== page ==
The New, Anti-Catholic Iconoclasm
A NOTE FROM OUR PUBLISHER
In the midst of a painful and challenging cultural moment, a series of attacks on Catholic churches and religious symbols around our country is cause for grave concern.
As our nation grapples with issues of racism in the aftermath of the death of George Floyd, an impulse to remove lingering Confederate imagery from places of honor has, in some quarters, escalated to mob violence and wanton vandalism — but this vandalism didn’t stop with these monuments.
Now, an iconoclasm has taken root, and the destruction, which at first focused on problematic historic figures, has begun to increasingly include religious statues and churches.
This is particularly worrisome because history has shown us more than one revolutionary movement that embraced anti-religious sentiment — with devastating consequences. This happened in the French Revolution in 1789 and again in the Russian Revolution a century ago. In the United States, where our first constitutional freedom is religious freedom, we cannot allow this anti-Christian pivot to occur.
Over the last few weeks, destruction of Catholic parishes and property has occurred across the country. Some of these instances of anti-Catholic vandalism seem to have followed a call from a controversial activist for the destruction of certain types of religious art that he deemed too “white.”
Shockingly, these incidents are occurring almost daily now. In Florida, a man allegedly drove a vehicle into a local Catholic church and set it on fire with parishioners inside. Thankfully, none were injured. Elsewhere in Florida, a statue of Christ was knocked down and beheaded. Statues of the Virgin Mary have likewise been defaced or even set ablaze.
In Connecticut, a church was defaced Satanic graffiti.
In another egregious incident, a statue of St. Junípero Serra — canonized by Pope Francis — was torn down in San Francisco’s Golden Gate Park.
After the statue of the saint was toppled, San Franciscso Archbishop Salvatore Cordileone issued a statement saying that the “renewed national movement to heal memories and correct the injustices of racism and police brutality in our country has been hijacked by some into a movement of violence, looting and vandalism.”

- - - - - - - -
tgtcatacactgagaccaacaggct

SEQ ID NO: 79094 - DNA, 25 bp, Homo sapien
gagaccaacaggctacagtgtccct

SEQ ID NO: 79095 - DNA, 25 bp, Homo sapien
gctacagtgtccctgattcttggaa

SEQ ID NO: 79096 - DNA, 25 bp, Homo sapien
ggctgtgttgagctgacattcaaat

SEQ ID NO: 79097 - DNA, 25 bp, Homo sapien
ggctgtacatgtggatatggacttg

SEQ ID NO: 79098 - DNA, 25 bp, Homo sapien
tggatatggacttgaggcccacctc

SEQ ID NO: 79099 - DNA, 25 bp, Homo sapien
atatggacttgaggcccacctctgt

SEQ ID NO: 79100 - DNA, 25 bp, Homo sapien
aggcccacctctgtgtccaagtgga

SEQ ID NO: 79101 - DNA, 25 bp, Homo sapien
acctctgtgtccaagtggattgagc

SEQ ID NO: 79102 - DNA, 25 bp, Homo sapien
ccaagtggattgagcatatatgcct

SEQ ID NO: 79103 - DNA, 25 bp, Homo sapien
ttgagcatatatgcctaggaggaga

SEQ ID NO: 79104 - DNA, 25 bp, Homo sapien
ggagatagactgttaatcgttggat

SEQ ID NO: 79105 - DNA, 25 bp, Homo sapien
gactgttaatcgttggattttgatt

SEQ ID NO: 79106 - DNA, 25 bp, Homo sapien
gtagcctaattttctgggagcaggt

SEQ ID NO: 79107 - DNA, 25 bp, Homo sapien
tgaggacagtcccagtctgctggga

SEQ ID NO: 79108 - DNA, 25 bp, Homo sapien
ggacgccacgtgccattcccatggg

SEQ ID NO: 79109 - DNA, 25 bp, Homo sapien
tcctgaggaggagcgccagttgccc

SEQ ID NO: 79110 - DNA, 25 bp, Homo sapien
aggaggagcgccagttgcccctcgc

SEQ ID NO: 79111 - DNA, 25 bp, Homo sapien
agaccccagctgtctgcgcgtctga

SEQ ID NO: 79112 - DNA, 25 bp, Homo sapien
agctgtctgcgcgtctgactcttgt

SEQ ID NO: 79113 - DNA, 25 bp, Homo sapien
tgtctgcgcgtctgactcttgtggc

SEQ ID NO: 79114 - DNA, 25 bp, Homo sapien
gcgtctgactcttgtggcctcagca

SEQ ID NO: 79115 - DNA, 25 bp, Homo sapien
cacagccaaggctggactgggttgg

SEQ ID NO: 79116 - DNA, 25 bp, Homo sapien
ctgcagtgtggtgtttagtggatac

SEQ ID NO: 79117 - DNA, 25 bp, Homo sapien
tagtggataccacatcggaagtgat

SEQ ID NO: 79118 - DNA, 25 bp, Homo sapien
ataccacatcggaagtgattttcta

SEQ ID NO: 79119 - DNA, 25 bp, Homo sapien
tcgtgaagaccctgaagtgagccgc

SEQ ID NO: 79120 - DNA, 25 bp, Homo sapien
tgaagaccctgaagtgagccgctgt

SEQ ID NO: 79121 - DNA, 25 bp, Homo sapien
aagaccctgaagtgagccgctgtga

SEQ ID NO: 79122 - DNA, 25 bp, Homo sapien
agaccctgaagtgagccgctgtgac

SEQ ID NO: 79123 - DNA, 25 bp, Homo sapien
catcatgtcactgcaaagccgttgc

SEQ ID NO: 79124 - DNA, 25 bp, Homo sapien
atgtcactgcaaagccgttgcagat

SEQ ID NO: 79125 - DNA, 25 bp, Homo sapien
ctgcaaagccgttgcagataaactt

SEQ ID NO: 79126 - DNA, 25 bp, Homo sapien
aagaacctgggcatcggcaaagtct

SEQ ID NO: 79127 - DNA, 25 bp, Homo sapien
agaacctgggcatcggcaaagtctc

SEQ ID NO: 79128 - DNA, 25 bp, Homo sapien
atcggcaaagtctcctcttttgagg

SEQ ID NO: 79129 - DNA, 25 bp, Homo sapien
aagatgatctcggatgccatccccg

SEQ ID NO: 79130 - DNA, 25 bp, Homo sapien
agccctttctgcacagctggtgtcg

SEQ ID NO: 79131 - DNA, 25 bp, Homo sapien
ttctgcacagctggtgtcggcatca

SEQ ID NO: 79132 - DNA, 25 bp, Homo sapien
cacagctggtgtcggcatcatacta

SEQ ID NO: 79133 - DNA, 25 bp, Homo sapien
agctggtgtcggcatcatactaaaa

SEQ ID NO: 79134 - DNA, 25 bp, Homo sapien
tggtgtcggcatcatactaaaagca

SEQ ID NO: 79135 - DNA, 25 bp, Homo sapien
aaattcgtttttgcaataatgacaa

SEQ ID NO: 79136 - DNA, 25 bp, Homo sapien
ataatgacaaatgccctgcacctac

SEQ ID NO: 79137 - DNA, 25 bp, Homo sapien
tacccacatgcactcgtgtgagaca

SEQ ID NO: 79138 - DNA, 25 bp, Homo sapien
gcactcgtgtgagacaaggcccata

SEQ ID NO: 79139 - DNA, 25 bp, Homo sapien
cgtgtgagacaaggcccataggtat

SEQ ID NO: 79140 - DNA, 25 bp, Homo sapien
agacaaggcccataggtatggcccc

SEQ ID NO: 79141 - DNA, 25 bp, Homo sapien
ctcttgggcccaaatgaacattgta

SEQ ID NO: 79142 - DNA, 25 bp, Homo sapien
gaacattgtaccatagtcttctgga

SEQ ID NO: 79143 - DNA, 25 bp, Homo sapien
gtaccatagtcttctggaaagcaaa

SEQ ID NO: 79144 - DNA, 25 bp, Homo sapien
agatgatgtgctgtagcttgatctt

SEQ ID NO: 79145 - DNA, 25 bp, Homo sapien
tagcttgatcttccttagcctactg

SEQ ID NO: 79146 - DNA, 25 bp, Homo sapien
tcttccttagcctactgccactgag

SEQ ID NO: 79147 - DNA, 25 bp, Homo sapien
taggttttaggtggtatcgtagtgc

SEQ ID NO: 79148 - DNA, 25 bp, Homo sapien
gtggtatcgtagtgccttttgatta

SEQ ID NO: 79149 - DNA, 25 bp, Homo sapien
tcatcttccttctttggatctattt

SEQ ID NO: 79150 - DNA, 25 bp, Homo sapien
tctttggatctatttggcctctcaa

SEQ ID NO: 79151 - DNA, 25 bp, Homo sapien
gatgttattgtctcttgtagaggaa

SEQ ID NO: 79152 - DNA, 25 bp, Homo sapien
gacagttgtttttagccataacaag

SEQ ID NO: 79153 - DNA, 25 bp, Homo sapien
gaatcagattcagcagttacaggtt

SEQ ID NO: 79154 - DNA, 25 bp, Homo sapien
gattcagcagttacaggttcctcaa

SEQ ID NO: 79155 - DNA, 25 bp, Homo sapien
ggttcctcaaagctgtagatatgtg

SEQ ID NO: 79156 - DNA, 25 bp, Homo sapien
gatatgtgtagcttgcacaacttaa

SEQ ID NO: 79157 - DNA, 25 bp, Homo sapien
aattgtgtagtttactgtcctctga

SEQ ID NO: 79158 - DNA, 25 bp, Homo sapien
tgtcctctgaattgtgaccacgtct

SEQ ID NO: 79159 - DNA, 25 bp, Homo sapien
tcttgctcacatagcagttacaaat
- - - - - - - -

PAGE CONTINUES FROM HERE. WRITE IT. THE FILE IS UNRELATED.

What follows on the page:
Archbishop Cordileone added, “The memorialization of historic figures merits an honest and fair discussion as to how and to whom such honor should be given. But here, there was no such rational discussion; it was mob rule, a troubling phenomenon that seems to be repeating itself throughout the country.”
One of the missions St. Junípero founded near Los Angeles then burned down under mysterious circumstances and was being investigated as a possible case of arson.
Mob violence by its very nature has no place for rational discussion and quickly becomes untethered from reason. This is why even monuments to African Americans and abolitionists have been targeted by mobs.
To further demonstrate just how far these instances of vandalism have been divorced from reason, the statue of St. Junípero Serra was only one of several destroyed in Golden Gate Park — a statue of Ulysses S. Grant, the 18th president and the general who led the Union Army to victory over the Confederacy in the American Civil War, was also torn down. This destruction by the mob had not even the thinnest of rationales.